Yesterday Jay introduced the concept of ma from Japanese aesthetics, which translates loosely as the gap, space or pause between objects or events. He was talking about this in terms of the time we needed to take between our movements in the bear walk that he had just taught us--not just in terms of slowing those movements down, but more crucially in thinking about the structural relationship between those movements. Thus a bear might lift and lick its paw in a slow, languorous arc, but it will also just as likely flick that arm back down to the ground and swivel its body and head to the left in one quick movement (especially if it senses a threat or smells prey).
I was also intrigued by how the class ended yesterday. Every day Barbara has slowly been adding to and building upon the new choreography for the main Icarus section of the piece. I think we have just over 20 minutes of material now. But in addition we have been learning other discrete bits that I gather will be attached to or frame this section, together comprising an hour-long performance. Some of these bits are from past shows: the Chef; Pirates; etc. Some are new: such as the cat-cow gallumping that leads into the aforementioned bear walk; or the series of fourteen poses that Jay taught us just before we broke for the evening.
The poses are all based on photographic images of classical antiquities and Renaissance sculptures, and our challenge was less to mimic each pose exactly (though Jay and two of the workshop participants close to him did spend perhaps more time than was necessary figuring out the positioning of various limbs from the mirrored images) than to find a way to move--or, more properly, dance--between them. Easier said than done when the poses have one lying on, arising from, and then descending back down to the ground--and not necessarily in that order.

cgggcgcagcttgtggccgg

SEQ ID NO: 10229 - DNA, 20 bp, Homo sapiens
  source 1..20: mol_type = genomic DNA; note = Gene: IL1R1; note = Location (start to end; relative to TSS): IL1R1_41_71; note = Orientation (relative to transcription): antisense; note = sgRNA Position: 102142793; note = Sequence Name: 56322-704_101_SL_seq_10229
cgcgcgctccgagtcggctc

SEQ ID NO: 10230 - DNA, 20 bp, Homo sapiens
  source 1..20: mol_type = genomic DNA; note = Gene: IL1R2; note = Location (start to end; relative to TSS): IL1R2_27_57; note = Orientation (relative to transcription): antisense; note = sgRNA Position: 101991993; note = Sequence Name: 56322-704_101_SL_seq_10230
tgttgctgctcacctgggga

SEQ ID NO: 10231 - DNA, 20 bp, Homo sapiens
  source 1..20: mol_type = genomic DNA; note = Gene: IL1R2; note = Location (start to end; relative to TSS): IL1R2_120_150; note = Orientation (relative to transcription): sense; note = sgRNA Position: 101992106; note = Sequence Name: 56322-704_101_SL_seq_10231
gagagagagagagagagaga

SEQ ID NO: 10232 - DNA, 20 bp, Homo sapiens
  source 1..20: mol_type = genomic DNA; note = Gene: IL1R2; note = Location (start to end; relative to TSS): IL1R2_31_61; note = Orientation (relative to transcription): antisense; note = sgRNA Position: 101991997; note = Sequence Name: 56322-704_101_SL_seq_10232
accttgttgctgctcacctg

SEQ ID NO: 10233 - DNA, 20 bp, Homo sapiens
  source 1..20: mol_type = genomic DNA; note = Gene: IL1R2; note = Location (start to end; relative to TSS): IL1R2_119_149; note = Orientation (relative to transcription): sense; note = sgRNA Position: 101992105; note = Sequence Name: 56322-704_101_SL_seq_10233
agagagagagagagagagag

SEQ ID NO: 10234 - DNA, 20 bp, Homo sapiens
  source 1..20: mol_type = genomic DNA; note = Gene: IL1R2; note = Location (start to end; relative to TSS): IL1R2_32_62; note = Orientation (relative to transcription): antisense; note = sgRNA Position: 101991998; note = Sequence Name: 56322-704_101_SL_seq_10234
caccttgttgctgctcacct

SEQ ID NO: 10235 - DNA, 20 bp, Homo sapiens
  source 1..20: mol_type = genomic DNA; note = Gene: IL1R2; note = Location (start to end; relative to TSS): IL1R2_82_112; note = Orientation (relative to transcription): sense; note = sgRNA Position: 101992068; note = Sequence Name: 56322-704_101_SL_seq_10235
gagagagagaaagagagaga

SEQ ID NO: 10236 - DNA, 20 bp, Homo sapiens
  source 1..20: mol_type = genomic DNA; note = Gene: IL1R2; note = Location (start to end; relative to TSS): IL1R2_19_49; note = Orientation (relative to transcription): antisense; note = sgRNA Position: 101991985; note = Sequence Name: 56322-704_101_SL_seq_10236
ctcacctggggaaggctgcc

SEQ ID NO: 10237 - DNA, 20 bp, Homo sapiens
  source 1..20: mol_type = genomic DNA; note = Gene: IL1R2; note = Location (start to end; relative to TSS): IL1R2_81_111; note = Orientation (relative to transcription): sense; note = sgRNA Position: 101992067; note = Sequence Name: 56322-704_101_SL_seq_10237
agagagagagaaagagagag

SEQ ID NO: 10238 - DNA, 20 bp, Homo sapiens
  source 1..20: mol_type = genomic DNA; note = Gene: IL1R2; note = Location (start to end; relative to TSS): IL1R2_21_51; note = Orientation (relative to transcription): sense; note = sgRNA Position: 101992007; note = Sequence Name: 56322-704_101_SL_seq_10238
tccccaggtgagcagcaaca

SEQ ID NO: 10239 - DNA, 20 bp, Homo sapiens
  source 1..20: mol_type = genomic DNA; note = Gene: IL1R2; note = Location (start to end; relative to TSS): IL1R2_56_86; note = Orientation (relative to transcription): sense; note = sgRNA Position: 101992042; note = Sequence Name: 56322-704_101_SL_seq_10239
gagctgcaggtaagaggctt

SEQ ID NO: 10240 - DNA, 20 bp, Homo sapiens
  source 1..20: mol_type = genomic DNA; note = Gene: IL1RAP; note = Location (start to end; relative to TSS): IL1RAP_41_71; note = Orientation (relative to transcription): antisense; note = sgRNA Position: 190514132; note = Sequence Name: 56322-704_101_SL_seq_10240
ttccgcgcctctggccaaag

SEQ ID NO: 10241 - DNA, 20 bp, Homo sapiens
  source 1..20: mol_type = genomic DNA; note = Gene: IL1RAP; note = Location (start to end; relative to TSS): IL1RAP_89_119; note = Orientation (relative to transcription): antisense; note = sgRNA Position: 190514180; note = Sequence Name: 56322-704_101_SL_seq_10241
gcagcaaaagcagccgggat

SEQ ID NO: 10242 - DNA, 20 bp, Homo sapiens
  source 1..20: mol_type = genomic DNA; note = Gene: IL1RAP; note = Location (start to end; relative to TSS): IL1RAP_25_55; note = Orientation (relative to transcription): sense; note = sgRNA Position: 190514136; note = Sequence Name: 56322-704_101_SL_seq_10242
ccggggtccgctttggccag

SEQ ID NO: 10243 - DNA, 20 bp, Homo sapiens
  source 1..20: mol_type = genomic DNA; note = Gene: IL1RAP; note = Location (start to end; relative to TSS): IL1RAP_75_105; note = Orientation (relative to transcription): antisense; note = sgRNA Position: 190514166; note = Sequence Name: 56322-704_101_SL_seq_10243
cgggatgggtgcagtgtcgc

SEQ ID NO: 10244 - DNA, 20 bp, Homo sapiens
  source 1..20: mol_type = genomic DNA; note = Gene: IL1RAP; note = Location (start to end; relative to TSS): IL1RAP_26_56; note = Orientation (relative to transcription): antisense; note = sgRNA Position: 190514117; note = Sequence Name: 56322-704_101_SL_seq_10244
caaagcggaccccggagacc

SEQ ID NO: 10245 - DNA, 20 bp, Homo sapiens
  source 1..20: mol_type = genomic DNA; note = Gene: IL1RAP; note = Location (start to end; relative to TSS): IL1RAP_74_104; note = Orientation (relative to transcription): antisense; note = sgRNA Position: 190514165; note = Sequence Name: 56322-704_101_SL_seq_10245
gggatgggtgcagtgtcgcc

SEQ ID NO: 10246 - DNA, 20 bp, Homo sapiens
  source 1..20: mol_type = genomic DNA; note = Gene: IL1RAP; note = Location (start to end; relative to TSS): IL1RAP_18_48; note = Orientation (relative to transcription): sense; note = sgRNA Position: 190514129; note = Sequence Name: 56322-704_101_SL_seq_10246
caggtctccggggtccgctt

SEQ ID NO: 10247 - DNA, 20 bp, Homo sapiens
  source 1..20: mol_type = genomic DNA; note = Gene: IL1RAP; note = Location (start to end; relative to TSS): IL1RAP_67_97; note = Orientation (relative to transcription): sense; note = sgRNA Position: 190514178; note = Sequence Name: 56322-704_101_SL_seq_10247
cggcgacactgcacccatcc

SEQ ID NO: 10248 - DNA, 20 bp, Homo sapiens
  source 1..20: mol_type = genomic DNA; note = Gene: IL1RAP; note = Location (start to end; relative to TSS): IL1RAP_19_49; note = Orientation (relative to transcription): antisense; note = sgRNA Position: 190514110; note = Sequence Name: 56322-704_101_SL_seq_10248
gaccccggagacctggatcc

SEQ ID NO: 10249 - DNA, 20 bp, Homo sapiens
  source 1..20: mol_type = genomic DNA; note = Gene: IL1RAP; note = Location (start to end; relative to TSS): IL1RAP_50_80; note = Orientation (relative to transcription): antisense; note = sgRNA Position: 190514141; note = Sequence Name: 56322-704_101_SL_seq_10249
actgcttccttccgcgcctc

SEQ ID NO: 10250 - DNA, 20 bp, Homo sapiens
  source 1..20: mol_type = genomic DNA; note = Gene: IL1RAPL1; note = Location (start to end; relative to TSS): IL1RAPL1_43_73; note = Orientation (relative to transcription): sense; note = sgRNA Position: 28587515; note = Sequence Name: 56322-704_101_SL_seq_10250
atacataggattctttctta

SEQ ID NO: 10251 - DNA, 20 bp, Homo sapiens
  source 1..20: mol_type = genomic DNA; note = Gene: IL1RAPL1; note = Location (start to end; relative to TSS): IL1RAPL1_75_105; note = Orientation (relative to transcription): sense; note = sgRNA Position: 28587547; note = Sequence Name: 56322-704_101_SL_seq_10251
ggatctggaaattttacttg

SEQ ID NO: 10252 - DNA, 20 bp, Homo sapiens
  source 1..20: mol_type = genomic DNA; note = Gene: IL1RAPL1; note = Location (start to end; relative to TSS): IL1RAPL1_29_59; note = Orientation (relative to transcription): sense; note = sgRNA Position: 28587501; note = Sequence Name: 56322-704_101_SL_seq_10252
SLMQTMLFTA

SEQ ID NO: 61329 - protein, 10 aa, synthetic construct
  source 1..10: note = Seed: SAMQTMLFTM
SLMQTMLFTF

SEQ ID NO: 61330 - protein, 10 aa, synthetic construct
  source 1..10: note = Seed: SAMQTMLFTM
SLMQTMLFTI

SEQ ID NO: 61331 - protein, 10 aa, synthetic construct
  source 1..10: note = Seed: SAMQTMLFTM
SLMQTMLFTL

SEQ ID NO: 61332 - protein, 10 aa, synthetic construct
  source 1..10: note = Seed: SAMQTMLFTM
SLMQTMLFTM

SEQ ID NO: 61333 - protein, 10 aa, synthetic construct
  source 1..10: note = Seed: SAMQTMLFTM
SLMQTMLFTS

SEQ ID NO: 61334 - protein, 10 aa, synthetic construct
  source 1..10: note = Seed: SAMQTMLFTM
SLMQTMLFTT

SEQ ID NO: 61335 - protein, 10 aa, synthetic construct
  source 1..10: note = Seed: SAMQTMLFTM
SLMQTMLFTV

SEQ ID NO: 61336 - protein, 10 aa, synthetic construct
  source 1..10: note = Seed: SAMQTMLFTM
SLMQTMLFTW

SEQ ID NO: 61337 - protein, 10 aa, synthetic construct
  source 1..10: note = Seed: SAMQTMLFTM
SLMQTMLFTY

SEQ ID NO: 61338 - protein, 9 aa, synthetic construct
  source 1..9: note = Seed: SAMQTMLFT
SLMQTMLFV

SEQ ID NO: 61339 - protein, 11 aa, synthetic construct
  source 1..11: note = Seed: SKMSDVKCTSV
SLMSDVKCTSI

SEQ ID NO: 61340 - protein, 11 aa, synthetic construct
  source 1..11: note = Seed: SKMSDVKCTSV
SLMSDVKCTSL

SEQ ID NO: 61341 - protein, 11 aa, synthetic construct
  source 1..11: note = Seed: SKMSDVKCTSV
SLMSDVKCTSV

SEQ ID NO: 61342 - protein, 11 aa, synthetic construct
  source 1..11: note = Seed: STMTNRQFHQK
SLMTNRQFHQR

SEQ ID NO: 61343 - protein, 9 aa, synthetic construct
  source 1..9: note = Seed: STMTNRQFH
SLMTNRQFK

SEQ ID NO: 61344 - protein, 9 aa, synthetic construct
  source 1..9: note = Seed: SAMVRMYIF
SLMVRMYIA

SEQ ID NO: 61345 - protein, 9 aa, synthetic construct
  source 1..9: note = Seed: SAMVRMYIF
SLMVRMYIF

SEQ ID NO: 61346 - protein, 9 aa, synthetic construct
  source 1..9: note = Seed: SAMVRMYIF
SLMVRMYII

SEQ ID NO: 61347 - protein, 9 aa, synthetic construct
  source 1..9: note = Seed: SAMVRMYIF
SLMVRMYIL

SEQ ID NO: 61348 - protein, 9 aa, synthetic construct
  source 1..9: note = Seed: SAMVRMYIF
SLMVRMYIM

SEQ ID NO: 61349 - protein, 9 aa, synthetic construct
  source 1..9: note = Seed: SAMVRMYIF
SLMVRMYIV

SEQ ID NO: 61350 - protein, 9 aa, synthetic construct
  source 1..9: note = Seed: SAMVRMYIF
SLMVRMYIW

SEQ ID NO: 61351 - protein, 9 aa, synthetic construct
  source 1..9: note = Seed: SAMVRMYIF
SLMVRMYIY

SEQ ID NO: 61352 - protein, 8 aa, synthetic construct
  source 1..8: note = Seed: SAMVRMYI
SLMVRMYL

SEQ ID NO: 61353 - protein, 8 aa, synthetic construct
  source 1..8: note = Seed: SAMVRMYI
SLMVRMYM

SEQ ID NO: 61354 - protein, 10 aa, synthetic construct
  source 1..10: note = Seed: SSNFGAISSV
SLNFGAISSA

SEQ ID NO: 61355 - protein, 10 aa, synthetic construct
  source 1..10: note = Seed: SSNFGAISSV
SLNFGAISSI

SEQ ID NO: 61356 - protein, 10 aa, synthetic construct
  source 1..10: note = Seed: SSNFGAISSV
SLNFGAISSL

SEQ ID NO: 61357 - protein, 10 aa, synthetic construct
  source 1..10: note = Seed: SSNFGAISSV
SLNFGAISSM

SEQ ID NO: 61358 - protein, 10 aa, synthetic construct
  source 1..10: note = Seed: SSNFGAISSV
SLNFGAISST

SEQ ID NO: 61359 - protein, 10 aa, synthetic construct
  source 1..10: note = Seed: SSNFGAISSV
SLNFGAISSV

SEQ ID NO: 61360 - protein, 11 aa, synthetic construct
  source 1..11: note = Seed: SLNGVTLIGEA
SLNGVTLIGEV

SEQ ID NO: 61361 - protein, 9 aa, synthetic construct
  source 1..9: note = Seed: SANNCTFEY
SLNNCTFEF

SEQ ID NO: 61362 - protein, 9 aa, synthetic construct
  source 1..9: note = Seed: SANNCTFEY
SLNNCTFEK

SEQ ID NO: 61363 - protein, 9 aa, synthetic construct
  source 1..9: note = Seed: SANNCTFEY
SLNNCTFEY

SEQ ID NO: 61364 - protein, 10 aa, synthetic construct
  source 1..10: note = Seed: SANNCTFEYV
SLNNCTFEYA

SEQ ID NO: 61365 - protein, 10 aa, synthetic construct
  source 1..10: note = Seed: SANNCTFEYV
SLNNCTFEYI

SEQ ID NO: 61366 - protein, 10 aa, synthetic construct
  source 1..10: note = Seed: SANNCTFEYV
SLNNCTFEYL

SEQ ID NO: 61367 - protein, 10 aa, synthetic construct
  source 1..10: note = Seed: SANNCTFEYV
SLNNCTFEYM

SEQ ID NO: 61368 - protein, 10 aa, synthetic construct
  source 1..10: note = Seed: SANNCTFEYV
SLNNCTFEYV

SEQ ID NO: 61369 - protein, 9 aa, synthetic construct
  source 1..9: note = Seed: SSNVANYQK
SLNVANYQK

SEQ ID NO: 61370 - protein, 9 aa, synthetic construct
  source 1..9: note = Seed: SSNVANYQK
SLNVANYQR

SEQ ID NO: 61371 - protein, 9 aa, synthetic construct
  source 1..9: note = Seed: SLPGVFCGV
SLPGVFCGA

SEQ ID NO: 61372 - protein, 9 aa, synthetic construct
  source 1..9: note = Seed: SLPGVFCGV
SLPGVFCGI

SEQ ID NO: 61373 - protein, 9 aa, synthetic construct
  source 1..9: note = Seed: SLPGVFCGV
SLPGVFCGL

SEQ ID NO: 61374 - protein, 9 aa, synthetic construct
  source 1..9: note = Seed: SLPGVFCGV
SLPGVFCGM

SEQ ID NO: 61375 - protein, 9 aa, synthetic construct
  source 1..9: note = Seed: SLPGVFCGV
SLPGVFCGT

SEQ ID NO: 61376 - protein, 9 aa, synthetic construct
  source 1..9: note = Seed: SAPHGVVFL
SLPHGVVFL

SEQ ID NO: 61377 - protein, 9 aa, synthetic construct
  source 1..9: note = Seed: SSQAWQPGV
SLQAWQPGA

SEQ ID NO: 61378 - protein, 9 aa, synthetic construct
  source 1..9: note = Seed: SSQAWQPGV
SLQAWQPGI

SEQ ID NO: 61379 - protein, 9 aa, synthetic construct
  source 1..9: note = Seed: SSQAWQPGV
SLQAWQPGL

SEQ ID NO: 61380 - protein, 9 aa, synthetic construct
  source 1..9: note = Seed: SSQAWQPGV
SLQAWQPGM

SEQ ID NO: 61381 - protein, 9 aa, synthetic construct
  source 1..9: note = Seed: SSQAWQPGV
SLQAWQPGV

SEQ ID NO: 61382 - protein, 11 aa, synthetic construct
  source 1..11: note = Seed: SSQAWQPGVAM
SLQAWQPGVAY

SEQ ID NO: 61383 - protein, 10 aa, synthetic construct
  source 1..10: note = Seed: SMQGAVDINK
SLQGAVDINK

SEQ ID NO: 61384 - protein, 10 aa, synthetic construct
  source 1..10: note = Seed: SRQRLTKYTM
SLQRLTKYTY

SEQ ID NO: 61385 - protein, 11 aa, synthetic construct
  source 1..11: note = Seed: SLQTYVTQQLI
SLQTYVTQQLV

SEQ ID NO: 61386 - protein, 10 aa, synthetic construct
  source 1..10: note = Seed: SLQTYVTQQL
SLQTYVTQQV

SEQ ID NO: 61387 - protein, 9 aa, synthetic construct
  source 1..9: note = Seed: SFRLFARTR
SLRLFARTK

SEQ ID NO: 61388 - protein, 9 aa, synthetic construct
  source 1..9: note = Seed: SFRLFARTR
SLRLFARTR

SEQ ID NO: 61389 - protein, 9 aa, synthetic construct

Apparently Jay has used this method before to develop what I guess I would call the butoh equivalent of tableaux vivant (and given the white body paint we'll be wearing in performance, the analogy makes some sense). Butoh is largely an image-based dance form, in which phrases like "growing wings" and "walking like a bear" are used less to reproduce the form than the spirit of these images in one's body. So I was struck by the idea of actually seeking out specific bodily images as the basis for group movement. Whatever the theory behind the method, it was quite stunning to watch us all move through the poses together. And Jay's method for teaching the poses to us in the limited time we had was also quite canny: he actually taught them to us backwards, beginning with the last pose and ending with the first, and having us cycle through them multiple times as we accumulated new ones.